It's a clever idea to check your feelings for a few seconds after doing it. By consciously recognising the sort of feelings created by panoramic sensing, we will generate curiosity about it and want to repeat it.

Once you can do it, then i believe you will want to do it for short periods several times a day. If you follow the guidelines for vulnerable animals then it is used frequently for 2 or 3 second periods during any focused activity.

Why not have a cuppa?

Many forms of diversion can help bring life's problems in balance, give new perspectives, even bring peace.

But this isn't just letting go or relaxing. And there's a big difference between diverting our attention by doing something else, like having a cigarette or a cuppa tea – and directly and actively stopping the system which generates all abstract ideas. Panoraming is the active, direct, and natural way to stop all thinking and doing.

It's similar to what writers do when they're looking for a word. As part of the creative process it's easy to just hover in a mental emptiness for a few seconds. With obsessive thoughts it's not possible to just 'hover', but by actively going panoramic, you can temporarily stop all repetitious mental chatter.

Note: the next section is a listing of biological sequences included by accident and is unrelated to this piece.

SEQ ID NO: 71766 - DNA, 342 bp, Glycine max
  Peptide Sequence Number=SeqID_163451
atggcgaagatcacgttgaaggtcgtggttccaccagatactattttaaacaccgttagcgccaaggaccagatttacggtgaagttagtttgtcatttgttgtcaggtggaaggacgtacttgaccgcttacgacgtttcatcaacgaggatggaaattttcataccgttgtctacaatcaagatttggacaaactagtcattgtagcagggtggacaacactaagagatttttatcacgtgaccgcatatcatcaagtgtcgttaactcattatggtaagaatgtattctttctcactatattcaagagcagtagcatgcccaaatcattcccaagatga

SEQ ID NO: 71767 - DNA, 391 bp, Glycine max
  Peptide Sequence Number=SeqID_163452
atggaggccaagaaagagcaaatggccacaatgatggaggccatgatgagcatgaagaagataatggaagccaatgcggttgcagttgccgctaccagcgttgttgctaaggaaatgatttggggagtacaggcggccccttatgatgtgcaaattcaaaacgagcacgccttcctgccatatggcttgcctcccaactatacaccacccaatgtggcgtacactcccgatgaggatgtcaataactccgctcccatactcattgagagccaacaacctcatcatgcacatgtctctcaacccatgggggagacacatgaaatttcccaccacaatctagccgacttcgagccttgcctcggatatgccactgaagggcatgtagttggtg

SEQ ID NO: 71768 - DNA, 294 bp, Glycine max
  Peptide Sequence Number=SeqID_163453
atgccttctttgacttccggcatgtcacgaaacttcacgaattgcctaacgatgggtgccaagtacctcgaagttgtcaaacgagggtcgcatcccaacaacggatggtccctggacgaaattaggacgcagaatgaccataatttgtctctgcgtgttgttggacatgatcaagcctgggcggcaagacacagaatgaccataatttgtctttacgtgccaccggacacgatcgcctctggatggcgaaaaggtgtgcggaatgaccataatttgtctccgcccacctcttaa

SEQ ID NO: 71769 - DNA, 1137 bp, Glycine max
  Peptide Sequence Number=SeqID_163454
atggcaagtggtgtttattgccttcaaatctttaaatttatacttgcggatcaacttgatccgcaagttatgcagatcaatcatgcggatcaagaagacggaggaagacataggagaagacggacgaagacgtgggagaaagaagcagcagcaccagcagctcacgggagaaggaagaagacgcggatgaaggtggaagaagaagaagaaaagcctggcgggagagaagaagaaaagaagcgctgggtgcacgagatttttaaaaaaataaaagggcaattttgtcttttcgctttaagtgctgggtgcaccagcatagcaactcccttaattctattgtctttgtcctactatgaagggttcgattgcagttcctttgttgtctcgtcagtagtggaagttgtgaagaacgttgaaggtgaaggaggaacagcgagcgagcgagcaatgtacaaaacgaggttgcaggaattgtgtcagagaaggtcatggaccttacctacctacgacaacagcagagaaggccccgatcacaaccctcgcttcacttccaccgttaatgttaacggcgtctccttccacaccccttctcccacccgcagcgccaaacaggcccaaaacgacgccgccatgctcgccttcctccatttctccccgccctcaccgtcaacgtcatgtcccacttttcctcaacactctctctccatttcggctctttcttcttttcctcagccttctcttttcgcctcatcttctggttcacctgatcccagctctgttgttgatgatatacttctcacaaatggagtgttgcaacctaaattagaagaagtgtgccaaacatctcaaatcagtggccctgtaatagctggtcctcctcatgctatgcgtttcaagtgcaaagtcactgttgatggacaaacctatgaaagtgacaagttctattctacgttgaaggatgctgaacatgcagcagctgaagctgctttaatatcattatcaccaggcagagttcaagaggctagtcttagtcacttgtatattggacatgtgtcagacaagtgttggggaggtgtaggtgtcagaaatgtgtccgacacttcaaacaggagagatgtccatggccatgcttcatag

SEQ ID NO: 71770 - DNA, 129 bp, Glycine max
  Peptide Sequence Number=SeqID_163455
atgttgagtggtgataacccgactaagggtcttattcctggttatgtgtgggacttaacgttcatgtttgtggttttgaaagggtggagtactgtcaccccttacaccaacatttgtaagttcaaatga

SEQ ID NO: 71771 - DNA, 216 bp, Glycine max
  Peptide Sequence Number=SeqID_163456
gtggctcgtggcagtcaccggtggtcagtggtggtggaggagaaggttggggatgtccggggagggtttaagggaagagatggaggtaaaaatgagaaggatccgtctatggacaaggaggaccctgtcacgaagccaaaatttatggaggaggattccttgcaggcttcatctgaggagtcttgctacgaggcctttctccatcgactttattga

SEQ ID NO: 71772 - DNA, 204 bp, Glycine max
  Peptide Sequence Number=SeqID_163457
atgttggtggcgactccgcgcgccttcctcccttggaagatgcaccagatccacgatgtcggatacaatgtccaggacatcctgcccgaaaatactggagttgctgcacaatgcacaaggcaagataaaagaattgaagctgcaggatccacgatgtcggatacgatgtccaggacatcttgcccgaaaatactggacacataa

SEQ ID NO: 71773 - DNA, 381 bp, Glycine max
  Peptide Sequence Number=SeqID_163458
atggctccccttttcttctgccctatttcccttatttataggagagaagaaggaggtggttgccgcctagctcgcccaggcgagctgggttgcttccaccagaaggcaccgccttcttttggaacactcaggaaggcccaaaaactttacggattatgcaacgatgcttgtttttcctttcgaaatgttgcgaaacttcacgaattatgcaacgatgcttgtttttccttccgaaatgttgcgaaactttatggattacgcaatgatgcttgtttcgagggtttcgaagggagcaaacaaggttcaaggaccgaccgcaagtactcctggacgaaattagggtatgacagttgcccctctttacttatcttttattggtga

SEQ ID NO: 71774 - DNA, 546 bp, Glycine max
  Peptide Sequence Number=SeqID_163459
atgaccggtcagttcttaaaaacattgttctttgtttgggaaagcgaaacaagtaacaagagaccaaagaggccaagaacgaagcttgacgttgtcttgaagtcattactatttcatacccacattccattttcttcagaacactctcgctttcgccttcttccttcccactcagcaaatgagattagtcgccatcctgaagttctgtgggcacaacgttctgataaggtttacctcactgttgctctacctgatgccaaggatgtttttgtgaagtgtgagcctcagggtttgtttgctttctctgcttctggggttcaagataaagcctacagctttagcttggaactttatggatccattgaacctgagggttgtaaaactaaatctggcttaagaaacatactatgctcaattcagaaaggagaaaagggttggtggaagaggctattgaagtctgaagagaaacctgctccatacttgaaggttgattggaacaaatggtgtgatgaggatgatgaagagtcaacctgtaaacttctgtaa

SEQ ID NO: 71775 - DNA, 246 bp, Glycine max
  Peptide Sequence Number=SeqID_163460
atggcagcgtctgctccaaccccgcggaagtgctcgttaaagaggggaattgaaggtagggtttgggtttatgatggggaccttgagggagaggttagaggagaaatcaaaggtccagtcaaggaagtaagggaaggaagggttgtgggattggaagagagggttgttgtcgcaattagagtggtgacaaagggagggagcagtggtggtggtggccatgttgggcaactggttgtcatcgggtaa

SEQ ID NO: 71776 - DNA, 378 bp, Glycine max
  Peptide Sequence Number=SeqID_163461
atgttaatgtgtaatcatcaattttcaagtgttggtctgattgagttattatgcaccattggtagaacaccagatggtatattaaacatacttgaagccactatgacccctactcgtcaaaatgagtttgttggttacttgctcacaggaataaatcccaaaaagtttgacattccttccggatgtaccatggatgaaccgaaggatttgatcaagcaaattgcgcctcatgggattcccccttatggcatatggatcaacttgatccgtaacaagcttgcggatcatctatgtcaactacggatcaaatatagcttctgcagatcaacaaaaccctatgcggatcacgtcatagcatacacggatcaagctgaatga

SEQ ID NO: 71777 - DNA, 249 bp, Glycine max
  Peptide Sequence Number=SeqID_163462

The Ideal Panorama

The ideal scenario is to sit outside with your back to the wind.

We can see what's happening in front; smelling and listening are the only ways to find out what's going on behind us.

When we sit with our backs to a wall, we somehow inhibit opening up the feeling of listening through the backs of our heads.

Comparison with Meditation

This is not really a meditation. I'm not wanting us to all space out in a new panoramic world. To use the panoramic senses continuously would probably lead to trance and futility.

Focus points are necessary for any higher goal in life. Focussing with our brains on ideas, is probably the best thing we humans do. Meditation normally uses an inspiring focal point and requires a longer period of time.

And panoraming doesn't replace any focused activity, it makes it safe. It's value, and its primary, natural use is when alternated with focused activity. So it could be advantageous to incorporate panoramic periods in any meditation.

Or maybe you will want to use it for a longer period combined with inner body awareness, while dozing. Inner body awareness opens up new possibilities; we can listen focused on a bone in the spine, or listen internally in a panoramic way.

Group Panoraming

In its most intense form this is a solitary practice. Herds and animal groups have different behaviour patterns to solitary animals, they are more relaxed. The reason is obvious, in a herd or any animal group, only one needs to pick up any warning sign, this is actively communicated, and the others respond without hesitation or question.

I remember once watching a blackbird, a pheasant, a deer and a hare, all grazing within two metres of each other – a wonderful collection of different sensory abilities – and they were all more or less facing each other, talking it in turns to check their surroundings.

But just as a nice extra idea: Humans primary sense is vision, so any sensible two humans would do it back to back. Any group would be in a circle back to back.

Please continue with Lookout Experiments and Games

Back to Chapter Two : Exploring The Panorama